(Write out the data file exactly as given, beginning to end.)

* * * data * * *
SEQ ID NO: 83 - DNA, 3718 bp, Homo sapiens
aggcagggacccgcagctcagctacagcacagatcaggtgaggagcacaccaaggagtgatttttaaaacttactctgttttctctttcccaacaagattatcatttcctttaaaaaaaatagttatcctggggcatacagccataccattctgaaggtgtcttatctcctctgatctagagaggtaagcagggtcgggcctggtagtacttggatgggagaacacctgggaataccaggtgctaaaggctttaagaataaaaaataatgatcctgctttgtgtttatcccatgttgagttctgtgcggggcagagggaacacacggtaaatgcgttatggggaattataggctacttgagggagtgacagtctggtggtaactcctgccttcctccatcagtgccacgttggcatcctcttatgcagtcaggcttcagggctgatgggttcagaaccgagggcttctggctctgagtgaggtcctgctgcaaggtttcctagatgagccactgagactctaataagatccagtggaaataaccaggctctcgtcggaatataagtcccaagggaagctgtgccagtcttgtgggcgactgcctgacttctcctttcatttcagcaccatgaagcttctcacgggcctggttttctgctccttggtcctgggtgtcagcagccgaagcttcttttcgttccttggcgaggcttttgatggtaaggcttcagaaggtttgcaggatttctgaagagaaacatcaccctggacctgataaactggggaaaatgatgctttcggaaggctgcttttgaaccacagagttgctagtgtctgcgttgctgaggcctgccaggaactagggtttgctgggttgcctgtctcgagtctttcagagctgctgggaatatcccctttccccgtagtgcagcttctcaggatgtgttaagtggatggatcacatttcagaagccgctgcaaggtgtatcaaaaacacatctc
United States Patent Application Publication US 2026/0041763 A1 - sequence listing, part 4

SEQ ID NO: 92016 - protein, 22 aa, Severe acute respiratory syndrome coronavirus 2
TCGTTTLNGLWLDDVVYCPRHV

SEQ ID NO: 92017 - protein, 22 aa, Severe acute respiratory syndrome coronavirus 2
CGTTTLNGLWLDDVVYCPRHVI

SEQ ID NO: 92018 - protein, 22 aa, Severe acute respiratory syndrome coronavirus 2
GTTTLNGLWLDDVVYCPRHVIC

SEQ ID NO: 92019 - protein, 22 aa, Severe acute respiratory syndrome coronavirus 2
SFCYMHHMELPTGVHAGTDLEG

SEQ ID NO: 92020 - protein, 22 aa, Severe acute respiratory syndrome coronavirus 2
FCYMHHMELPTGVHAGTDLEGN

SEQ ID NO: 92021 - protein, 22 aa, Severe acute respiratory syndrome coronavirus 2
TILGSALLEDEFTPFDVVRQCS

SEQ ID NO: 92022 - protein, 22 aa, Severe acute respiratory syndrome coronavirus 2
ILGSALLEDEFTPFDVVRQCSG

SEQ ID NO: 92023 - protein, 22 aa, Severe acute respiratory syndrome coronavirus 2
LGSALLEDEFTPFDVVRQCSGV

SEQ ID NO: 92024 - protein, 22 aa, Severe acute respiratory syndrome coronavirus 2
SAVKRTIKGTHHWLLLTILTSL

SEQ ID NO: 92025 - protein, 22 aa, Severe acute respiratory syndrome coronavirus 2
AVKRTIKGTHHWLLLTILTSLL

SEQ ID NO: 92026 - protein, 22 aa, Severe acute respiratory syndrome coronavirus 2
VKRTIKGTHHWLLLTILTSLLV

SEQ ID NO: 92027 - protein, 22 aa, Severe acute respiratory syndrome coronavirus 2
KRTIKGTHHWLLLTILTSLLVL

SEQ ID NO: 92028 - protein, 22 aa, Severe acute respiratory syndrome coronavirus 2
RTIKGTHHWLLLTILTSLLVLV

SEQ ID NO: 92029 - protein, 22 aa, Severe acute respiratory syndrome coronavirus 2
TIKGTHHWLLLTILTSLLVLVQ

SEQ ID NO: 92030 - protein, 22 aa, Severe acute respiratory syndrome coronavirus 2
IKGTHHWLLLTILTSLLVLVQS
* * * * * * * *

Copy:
SEQ ID NO: 83 - DNA, 3718 bp, Homo sapiens
aggcagggacccgcagctcagctacagcacagatcaggtgaggagcacaccaaggagtgatttttaaaacttactctgttttctctttcccaacaagattatcatttcctttaaaaaaaatagttatcctggggcatacagccataccattctgaaggtgtcttatctcctctgatctagagaggtaagcagggtcgggcctggtagtacttggatgggagaacacctgggaataccaggtgctaaaggctttaagaataaaaaataatgatcctgctttgtgtttatcccatgttgagttctgtgcggggcagagggaacacacggtaaatgcgttatggggaattataggctacttgagggagtgacagtctggtggtaactcctgccttcctccatcagtgccacgttggcatcctcttatgcagtcaggcttcagggctgatgggttcagaaccgagggcttctggctctgagtgaggtcctgctgcaaggtttcctagatgagccactgagactctaataagatccagtggaaataaccaggctctcgtcggaatataagtcccaagggaagctgtgccagtcttgtgggcgactgcctgacttctcctttcatttcagcaccatgaagcttctcacgggcctggttttctgctccttggtcctgggtgtcagcagccgaagcttcttttcgttccttggcgaggcttttgatggtaaggcttcagaaggtttgcaggatttctgaagagaaacatcaccctggacctgataaactggggaaaatgatgctttcggaaggctgcttttgaaccacagagttgctagtgtctgcgttgctgaggcctgccaggaactagggtttgctgggttgcctgtctcgagtctttcagagctgctgggaatatcccctttccccgtagtgcagcttctcaggatgtgttaagtggatggatcacatttcagaagccgctgcaaggtgtatcaaaaacacatctc
United States Patent Application Publication US 2026/0041763 A1 - sequence listing, part 4

SEQ ID NO: 92016 - protein, 22 aa, Severe acute respiratory syndrome coronavirus 2
TCGTTTLNGLWLDDVVYCPRHV

SEQ ID NO: 92017 - protein, 22 aa, Severe acute respiratory syndrome coronavirus 2
CGTTTLNGLWLDDVVYCPRHVI

SEQ ID NO: 92018 - protein, 22 aa, Severe acute respiratory syndrome coronavirus 2
GTTTLNGLWLDDVVYCPRHVIC

SEQ ID NO: 92019 - protein, 22 aa, Severe acute respiratory syndrome coronavirus 2
SFCYMHHMELPTGVHAGTDLEG

SEQ ID NO: 92020 - protein, 22 aa, Severe acute respiratory syndrome coronavirus 2
FCYMHHMELPTGVHAGTDLEGN

SEQ ID NO: 92021 - protein, 22 aa, Severe acute respiratory syndrome coronavirus 2
TILGSALLEDEFTPFDVVRQCS

SEQ ID NO: 92022 - protein, 22 aa, Severe acute respiratory syndrome coronavirus 2
ILGSALLEDEFTPFDVVRQCSG

SEQ ID NO: 92023 - protein, 22 aa, Severe acute respiratory syndrome coronavirus 2
LGSALLEDEFTPFDVVRQCSGV

SEQ ID NO: 92024 - protein, 22 aa, Severe acute respiratory syndrome coronavirus 2
SAVKRTIKGTHHWLLLTILTSL

SEQ ID NO: 92025 - protein, 22 aa, Severe acute respiratory syndrome coronavirus 2
AVKRTIKGTHHWLLLTILTSLL

SEQ ID NO: 92026 - protein, 22 aa, Severe acute respiratory syndrome coronavirus 2
VKRTIKGTHHWLLLTILTSLLV

SEQ ID NO: 92027 - protein, 22 aa, Severe acute respiratory syndrome coronavirus 2
KRTIKGTHHWLLLTILTSLLVL

SEQ ID NO: 92028 - protein, 22 aa, Severe acute respiratory syndrome coronavirus 2
RTIKGTHHWLLLTILTSLLVLV

SEQ ID NO: 92029 - protein, 22 aa, Severe acute respiratory syndrome coronavirus 2
TIKGTHHWLLLTILTSLLVLVQ

SEQ ID NO: 92030 - protein, 22 aa, Severe acute respiratory syndrome coronavirus 2
IKGTHHWLLLTILTSLLVLVQS